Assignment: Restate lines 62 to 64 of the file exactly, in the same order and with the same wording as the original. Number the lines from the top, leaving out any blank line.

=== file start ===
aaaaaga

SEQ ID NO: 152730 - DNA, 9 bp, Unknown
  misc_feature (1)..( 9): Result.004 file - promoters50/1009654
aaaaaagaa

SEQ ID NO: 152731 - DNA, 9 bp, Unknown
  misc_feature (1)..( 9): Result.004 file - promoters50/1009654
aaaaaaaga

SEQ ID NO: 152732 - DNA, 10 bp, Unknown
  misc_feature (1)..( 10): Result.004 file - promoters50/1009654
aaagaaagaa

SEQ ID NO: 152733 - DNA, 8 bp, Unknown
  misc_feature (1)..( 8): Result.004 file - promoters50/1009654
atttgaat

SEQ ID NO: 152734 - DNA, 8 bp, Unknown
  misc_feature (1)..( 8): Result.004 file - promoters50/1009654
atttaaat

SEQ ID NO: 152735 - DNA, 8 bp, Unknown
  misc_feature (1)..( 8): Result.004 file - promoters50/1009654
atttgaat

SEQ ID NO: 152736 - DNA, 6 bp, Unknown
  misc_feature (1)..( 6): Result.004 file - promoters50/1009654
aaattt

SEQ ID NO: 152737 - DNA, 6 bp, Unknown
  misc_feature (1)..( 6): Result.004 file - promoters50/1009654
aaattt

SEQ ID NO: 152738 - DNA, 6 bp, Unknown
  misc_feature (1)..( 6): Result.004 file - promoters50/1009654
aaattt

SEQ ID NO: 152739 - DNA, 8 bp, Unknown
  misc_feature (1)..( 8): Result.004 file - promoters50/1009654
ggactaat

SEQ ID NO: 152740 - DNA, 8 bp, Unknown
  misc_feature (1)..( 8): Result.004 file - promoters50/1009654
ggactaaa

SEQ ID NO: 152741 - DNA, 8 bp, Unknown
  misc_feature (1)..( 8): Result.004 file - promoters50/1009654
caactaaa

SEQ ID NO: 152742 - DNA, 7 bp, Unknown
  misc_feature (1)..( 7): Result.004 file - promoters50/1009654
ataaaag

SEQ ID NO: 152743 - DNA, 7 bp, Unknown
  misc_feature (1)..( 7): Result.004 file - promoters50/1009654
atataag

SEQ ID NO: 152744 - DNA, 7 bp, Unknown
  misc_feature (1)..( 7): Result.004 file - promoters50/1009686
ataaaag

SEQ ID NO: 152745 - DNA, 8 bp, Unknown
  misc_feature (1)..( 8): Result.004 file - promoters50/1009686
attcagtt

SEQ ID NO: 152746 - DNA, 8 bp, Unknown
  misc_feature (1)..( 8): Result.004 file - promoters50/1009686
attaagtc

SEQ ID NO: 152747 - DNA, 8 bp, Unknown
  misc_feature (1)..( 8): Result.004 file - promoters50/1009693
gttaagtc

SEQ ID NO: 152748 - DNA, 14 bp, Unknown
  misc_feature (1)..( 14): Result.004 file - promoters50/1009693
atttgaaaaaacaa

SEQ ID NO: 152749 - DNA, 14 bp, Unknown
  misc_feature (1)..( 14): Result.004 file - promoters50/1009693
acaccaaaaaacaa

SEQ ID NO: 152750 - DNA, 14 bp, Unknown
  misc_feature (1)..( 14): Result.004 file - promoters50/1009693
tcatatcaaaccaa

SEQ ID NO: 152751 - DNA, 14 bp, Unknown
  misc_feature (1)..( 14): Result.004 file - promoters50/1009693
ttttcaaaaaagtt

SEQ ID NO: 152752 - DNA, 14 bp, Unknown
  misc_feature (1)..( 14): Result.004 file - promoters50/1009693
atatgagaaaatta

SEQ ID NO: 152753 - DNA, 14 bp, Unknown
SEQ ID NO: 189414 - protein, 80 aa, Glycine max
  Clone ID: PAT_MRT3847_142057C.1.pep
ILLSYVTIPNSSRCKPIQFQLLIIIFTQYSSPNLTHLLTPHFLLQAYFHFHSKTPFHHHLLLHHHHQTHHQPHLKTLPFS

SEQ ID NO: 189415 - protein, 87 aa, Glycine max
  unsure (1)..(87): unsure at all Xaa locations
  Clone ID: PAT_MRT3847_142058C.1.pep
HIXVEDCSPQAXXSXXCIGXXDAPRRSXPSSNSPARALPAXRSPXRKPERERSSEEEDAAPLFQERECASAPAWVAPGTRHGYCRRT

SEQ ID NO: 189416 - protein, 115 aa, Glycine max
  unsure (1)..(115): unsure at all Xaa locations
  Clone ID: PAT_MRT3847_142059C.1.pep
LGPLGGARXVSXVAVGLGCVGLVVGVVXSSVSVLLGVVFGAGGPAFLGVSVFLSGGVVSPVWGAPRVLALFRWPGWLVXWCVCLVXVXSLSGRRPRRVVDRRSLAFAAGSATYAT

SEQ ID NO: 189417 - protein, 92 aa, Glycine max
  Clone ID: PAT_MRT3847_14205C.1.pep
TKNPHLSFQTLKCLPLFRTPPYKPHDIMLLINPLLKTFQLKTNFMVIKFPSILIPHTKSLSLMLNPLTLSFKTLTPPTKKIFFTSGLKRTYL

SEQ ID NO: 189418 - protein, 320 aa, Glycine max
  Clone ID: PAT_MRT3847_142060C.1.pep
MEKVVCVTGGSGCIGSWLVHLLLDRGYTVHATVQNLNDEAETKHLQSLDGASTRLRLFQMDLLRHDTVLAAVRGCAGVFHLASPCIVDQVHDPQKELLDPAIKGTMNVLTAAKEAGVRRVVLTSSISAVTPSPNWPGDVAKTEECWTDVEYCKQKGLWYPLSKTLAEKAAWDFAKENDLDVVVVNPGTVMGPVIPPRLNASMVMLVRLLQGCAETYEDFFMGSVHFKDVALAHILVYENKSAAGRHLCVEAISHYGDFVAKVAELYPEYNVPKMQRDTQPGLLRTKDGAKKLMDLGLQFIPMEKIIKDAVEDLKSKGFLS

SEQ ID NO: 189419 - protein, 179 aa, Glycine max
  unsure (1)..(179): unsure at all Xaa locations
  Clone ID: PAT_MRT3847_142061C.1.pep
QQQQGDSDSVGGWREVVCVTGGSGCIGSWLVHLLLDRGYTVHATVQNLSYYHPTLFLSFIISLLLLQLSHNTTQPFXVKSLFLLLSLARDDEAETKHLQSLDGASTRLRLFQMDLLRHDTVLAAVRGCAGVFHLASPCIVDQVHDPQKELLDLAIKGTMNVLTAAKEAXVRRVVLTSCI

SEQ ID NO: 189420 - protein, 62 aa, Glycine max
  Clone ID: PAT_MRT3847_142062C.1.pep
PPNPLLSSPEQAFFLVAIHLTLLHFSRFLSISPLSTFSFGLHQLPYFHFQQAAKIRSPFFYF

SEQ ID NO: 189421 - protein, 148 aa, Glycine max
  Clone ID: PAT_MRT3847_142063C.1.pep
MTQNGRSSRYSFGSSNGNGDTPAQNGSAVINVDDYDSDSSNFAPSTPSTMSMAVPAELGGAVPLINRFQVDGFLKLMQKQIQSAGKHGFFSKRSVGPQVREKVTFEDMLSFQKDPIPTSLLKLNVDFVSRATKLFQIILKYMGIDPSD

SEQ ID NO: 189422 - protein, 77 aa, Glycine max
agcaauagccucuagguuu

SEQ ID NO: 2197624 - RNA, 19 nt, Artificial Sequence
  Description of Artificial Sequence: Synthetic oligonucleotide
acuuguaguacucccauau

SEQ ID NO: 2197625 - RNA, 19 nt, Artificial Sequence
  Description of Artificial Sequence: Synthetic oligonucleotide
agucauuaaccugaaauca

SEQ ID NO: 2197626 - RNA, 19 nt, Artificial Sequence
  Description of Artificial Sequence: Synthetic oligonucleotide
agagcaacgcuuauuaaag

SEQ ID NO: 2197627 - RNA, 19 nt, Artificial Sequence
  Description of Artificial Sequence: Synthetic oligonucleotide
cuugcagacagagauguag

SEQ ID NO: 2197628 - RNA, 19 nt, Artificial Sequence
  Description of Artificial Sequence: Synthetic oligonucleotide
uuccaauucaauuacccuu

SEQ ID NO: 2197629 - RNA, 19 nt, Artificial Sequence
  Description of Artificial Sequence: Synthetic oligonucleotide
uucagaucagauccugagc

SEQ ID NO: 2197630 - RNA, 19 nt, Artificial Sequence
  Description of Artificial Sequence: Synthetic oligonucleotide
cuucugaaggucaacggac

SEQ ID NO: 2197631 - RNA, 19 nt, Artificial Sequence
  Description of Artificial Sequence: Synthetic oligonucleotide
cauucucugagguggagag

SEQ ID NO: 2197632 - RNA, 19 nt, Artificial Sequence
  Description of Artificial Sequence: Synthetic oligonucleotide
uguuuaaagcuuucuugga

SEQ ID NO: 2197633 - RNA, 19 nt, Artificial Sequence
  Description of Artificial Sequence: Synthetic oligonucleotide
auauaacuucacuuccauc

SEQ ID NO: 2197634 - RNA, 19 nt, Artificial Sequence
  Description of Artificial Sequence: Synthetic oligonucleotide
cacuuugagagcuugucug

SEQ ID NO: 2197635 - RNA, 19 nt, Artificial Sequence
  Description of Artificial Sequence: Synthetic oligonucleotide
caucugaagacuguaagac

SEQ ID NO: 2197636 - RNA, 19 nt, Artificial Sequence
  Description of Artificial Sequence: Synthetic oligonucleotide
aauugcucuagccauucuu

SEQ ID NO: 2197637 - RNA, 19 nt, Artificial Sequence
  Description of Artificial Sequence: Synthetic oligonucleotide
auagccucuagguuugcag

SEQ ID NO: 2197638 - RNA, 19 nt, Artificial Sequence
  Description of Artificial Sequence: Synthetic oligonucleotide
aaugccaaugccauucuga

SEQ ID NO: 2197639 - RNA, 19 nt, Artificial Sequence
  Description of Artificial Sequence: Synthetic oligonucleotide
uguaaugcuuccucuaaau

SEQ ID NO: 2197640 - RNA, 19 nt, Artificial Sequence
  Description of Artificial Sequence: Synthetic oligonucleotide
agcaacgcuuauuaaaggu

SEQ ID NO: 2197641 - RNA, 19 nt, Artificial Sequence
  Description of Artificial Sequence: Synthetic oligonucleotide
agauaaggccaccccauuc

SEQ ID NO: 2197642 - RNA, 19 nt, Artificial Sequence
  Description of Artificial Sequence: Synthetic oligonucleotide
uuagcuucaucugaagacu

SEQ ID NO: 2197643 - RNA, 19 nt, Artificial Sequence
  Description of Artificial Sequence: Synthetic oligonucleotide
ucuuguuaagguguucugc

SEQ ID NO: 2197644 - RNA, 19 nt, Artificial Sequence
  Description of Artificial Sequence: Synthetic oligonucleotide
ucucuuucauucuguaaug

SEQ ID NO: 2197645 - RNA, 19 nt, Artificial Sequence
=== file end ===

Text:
SEQ ID NO: 152750 - DNA, 14 bp, Unknown
  misc_feature (1)..( 14): Result.004 file - promoters50/1009693
tcatatcaaaccaa